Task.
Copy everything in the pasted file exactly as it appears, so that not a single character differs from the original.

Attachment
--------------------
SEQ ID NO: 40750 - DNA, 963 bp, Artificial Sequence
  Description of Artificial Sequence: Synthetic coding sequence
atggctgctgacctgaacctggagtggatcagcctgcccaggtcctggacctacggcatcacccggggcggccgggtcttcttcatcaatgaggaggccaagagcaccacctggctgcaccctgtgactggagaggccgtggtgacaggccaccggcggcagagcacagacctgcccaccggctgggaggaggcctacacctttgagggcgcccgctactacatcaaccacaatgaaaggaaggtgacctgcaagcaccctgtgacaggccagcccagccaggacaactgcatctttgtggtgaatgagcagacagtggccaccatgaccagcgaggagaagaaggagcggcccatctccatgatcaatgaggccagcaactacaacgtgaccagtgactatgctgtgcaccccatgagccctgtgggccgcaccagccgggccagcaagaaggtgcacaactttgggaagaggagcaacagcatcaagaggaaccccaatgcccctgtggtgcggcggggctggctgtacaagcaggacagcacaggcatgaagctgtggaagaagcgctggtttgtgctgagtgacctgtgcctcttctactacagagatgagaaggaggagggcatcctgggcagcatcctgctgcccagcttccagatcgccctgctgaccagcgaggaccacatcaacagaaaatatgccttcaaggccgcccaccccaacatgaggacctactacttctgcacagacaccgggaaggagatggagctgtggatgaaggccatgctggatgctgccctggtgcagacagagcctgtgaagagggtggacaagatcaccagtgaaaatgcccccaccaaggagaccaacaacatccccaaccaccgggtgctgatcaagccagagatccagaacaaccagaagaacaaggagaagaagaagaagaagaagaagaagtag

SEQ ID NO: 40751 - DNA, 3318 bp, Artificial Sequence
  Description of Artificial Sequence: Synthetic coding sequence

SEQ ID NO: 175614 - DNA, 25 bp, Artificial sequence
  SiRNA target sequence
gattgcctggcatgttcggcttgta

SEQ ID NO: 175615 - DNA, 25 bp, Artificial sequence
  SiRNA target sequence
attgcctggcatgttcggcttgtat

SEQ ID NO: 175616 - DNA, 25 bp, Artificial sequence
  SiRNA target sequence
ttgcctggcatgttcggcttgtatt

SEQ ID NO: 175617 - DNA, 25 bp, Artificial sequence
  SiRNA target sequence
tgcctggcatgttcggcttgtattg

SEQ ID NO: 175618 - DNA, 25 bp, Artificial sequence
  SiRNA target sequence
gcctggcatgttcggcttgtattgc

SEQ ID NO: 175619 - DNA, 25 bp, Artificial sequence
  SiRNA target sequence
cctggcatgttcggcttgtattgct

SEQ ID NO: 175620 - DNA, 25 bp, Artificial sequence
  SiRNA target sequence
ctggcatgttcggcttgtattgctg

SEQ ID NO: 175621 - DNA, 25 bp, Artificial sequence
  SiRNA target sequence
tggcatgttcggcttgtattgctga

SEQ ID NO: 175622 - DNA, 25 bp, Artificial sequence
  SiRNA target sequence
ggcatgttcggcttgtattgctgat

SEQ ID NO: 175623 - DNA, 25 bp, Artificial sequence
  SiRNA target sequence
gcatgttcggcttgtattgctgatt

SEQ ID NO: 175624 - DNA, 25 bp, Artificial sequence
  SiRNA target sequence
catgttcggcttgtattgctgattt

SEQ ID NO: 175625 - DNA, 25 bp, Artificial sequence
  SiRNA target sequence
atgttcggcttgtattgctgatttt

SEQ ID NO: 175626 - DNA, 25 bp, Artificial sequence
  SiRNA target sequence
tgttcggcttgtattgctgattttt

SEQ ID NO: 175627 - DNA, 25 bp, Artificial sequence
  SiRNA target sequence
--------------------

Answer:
SEQ ID NO: 40750 - DNA, 963 bp, Artificial Sequence
  Description of Artificial Sequence: Synthetic coding sequence
atggctgctgacctgaacctggagtggatcagcctgcccaggtcctggacctacggcatcacccggggcggccgggtcttcttcatcaatgaggaggccaagagcaccacctggctgcaccctgtgactggagaggccgtggtgacaggccaccggcggcagagcacagacctgcccaccggctgggaggaggcctacacctttgagggcgcccgctactacatcaaccacaatgaaaggaaggtgacctgcaagcaccctgtgacaggccagcccagccaggacaactgcatctttgtggtgaatgagcagacagtggccaccatgaccagcgaggagaagaaggagcggcccatctccatgatcaatgaggccagcaactacaacgtgaccagtgactatgctgtgcaccccatgagccctgtgggccgcaccagccgggccagcaagaaggtgcacaactttgggaagaggagcaacagcatcaagaggaaccccaatgcccctgtggtgcggcggggctggctgtacaagcaggacagcacaggcatgaagctgtggaagaagcgctggtttgtgctgagtgacctgtgcctcttctactacagagatgagaaggaggagggcatcctgggcagcatcctgctgcccagcttccagatcgccctgctgaccagcgaggaccacatcaacagaaaatatgccttcaaggccgcccaccccaacatgaggacctactacttctgcacagacaccgggaaggagatggagctgtggatgaaggccatgctggatgctgccctggtgcagacagagcctgtgaagagggtggacaagatcaccagtgaaaatgcccccaccaaggagaccaacaacatccccaaccaccgggtgctgatcaagccagagatccagaacaaccagaagaacaaggagaagaagaagaagaagaagaagaagtag

SEQ ID NO: 40751 - DNA, 3318 bp, Artificial Sequence
  Description of Artificial Sequence: Synthetic coding sequence

SEQ ID NO: 175614 - DNA, 25 bp, Artificial sequence
  SiRNA target sequence
gattgcctggcatgttcggcttgta

SEQ ID NO: 175615 - DNA, 25 bp, Artificial sequence
  SiRNA target sequence
attgcctggcatgttcggcttgtat

SEQ ID NO: 175616 - DNA, 25 bp, Artificial sequence
  SiRNA target sequence
ttgcctggcatgttcggcttgtatt

SEQ ID NO: 175617 - DNA, 25 bp, Artificial sequence
  SiRNA target sequence
tgcctggcatgttcggcttgtattg

SEQ ID NO: 175618 - DNA, 25 bp, Artificial sequence
  SiRNA target sequence
gcctggcatgttcggcttgtattgc

SEQ ID NO: 175619 - DNA, 25 bp, Artificial sequence
  SiRNA target sequence
cctggcatgttcggcttgtattgct

SEQ ID NO: 175620 - DNA, 25 bp, Artificial sequence
  SiRNA target sequence
ctggcatgttcggcttgtattgctg

SEQ ID NO: 175621 - DNA, 25 bp, Artificial sequence
  SiRNA target sequence
tggcatgttcggcttgtattgctga

SEQ ID NO: 175622 - DNA, 25 bp, Artificial sequence
  SiRNA target sequence
ggcatgttcggcttgtattgctgat

SEQ ID NO: 175623 - DNA, 25 bp, Artificial sequence
  SiRNA target sequence
gcatgttcggcttgtattgctgatt

SEQ ID NO: 175624 - DNA, 25 bp, Artificial sequence
  SiRNA target sequence
catgttcggcttgtattgctgattt

SEQ ID NO: 175625 - DNA, 25 bp, Artificial sequence
  SiRNA target sequence
atgttcggcttgtattgctgatttt

SEQ ID NO: 175626 - DNA, 25 bp, Artificial sequence
  SiRNA target sequence
tgttcggcttgtattgctgattttt

SEQ ID NO: 175627 - DNA, 25 bp, Artificial sequence
  SiRNA target sequence